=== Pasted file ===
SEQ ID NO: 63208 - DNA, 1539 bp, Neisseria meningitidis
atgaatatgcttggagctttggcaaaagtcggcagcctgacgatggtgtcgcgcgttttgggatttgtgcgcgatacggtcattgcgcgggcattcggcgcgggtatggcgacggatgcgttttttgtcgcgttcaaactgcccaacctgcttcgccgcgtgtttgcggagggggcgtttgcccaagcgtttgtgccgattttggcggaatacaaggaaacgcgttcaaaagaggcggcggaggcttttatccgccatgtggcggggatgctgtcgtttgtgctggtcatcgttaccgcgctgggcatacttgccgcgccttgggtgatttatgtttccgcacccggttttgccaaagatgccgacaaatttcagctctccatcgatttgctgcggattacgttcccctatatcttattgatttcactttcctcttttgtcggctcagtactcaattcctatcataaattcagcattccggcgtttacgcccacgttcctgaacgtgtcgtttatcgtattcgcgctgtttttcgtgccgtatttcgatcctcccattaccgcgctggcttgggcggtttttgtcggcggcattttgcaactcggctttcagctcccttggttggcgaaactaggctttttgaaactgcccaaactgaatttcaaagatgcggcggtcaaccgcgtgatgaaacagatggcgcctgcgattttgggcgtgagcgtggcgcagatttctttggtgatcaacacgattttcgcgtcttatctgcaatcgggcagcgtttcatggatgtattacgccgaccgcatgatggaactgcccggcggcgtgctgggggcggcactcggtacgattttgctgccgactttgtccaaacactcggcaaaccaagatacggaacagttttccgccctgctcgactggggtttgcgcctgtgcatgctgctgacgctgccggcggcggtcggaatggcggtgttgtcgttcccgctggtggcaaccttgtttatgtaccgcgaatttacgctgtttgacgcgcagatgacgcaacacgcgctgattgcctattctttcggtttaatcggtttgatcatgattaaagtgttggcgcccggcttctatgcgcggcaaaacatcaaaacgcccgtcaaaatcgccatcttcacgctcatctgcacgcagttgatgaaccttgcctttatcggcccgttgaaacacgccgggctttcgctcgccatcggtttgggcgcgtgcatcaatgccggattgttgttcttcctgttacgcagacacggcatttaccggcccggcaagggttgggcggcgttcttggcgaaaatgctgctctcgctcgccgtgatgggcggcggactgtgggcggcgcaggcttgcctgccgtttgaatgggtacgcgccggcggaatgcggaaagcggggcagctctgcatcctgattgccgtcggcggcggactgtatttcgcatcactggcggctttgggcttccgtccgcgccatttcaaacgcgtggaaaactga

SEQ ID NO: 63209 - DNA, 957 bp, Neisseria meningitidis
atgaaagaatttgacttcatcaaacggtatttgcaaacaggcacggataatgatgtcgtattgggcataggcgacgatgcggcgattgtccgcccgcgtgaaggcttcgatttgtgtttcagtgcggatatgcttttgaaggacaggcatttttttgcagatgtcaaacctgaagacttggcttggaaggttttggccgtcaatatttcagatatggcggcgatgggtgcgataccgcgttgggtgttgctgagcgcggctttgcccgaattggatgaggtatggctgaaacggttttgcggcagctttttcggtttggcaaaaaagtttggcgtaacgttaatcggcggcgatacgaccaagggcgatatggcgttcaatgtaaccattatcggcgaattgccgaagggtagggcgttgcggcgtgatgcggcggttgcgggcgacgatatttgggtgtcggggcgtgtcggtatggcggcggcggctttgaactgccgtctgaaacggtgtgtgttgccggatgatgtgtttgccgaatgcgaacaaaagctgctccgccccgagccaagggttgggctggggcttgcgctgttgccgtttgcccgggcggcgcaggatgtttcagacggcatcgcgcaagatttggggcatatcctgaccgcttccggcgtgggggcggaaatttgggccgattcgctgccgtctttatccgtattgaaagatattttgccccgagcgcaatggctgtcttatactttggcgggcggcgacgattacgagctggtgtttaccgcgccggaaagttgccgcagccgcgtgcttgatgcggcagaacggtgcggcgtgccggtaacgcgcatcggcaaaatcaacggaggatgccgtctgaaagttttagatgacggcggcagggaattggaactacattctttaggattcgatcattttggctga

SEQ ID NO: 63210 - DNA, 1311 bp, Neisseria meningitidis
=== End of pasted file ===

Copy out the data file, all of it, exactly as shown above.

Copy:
SEQ ID NO: 63208 - DNA, 1539 bp, Neisseria meningitidis
atgaatatgcttggagctttggcaaaagtcggcagcctgacgatggtgtcgcgcgttttgggatttgtgcgcgatacggtcattgcgcgggcattcggcgcgggtatggcgacggatgcgttttttgtcgcgttcaaactgcccaacctgcttcgccgcgtgtttgcggagggggcgtttgcccaagcgtttgtgccgattttggcggaatacaaggaaacgcgttcaaaagaggcggcggaggcttttatccgccatgtggcggggatgctgtcgtttgtgctggtcatcgttaccgcgctgggcatacttgccgcgccttgggtgatttatgtttccgcacccggttttgccaaagatgccgacaaatttcagctctccatcgatttgctgcggattacgttcccctatatcttattgatttcactttcctcttttgtcggctcagtactcaattcctatcataaattcagcattccggcgtttacgcccacgttcctgaacgtgtcgtttatcgtattcgcgctgtttttcgtgccgtatttcgatcctcccattaccgcgctggcttgggcggtttttgtcggcggcattttgcaactcggctttcagctcccttggttggcgaaactaggctttttgaaactgcccaaactgaatttcaaagatgcggcggtcaaccgcgtgatgaaacagatggcgcctgcgattttgggcgtgagcgtggcgcagatttctttggtgatcaacacgattttcgcgtcttatctgcaatcgggcagcgtttcatggatgtattacgccgaccgcatgatggaactgcccggcggcgtgctgggggcggcactcggtacgattttgctgccgactttgtccaaacactcggcaaaccaagatacggaacagttttccgccctgctcgactggggtttgcgcctgtgcatgctgctgacgctgccggcggcggtcggaatggcggtgttgtcgttcccgctggtggcaaccttgtttatgtaccgcgaatttacgctgtttgacgcgcagatgacgcaacacgcgctgattgcctattctttcggtttaatcggtttgatcatgattaaagtgttggcgcccggcttctatgcgcggcaaaacatcaaaacgcccgtcaaaatcgccatcttcacgctcatctgcacgcagttgatgaaccttgcctttatcggcccgttgaaacacgccgggctttcgctcgccatcggtttgggcgcgtgcatcaatgccggattgttgttcttcctgttacgcagacacggcatttaccggcccggcaagggttgggcggcgttcttggcgaaaatgctgctctcgctcgccgtgatgggcggcggactgtgggcggcgcaggcttgcctgccgtttgaatgggtacgcgccggcggaatgcggaaagcggggcagctctgcatcctgattgccgtcggcggcggactgtatttcgcatcactggcggctttgggcttccgtccgcgccatttcaaacgcgtggaaaactga

SEQ ID NO: 63209 - DNA, 957 bp, Neisseria meningitidis
atgaaagaatttgacttcatcaaacggtatttgcaaacaggcacggataatgatgtcgtattgggcataggcgacgatgcggcgattgtccgcccgcgtgaaggcttcgatttgtgtttcagtgcggatatgcttttgaaggacaggcatttttttgcagatgtcaaacctgaagacttggcttggaaggttttggccgtcaatatttcagatatggcggcgatgggtgcgataccgcgttgggtgttgctgagcgcggctttgcccgaattggatgaggtatggctgaaacggttttgcggcagctttttcggtttggcaaaaaagtttggcgtaacgttaatcggcggcgatacgaccaagggcgatatggcgttcaatgtaaccattatcggcgaattgccgaagggtagggcgttgcggcgtgatgcggcggttgcgggcgacgatatttgggtgtcggggcgtgtcggtatggcggcggcggctttgaactgccgtctgaaacggtgtgtgttgccggatgatgtgtttgccgaatgcgaacaaaagctgctccgccccgagccaagggttgggctggggcttgcgctgttgccgtttgcccgggcggcgcaggatgtttcagacggcatcgcgcaagatttggggcatatcctgaccgcttccggcgtgggggcggaaatttgggccgattcgctgccgtctttatccgtattgaaagatattttgccccgagcgcaatggctgtcttatactttggcgggcggcgacgattacgagctggtgtttaccgcgccggaaagttgccgcagccgcgtgcttgatgcggcagaacggtgcggcgtgccggtaacgcgcatcggcaaaatcaacggaggatgccgtctgaaagttttagatgacggcggcagggaattggaactacattctttaggattcgatcattttggctga

SEQ ID NO: 63210 - DNA, 1311 bp, Neisseria meningitidis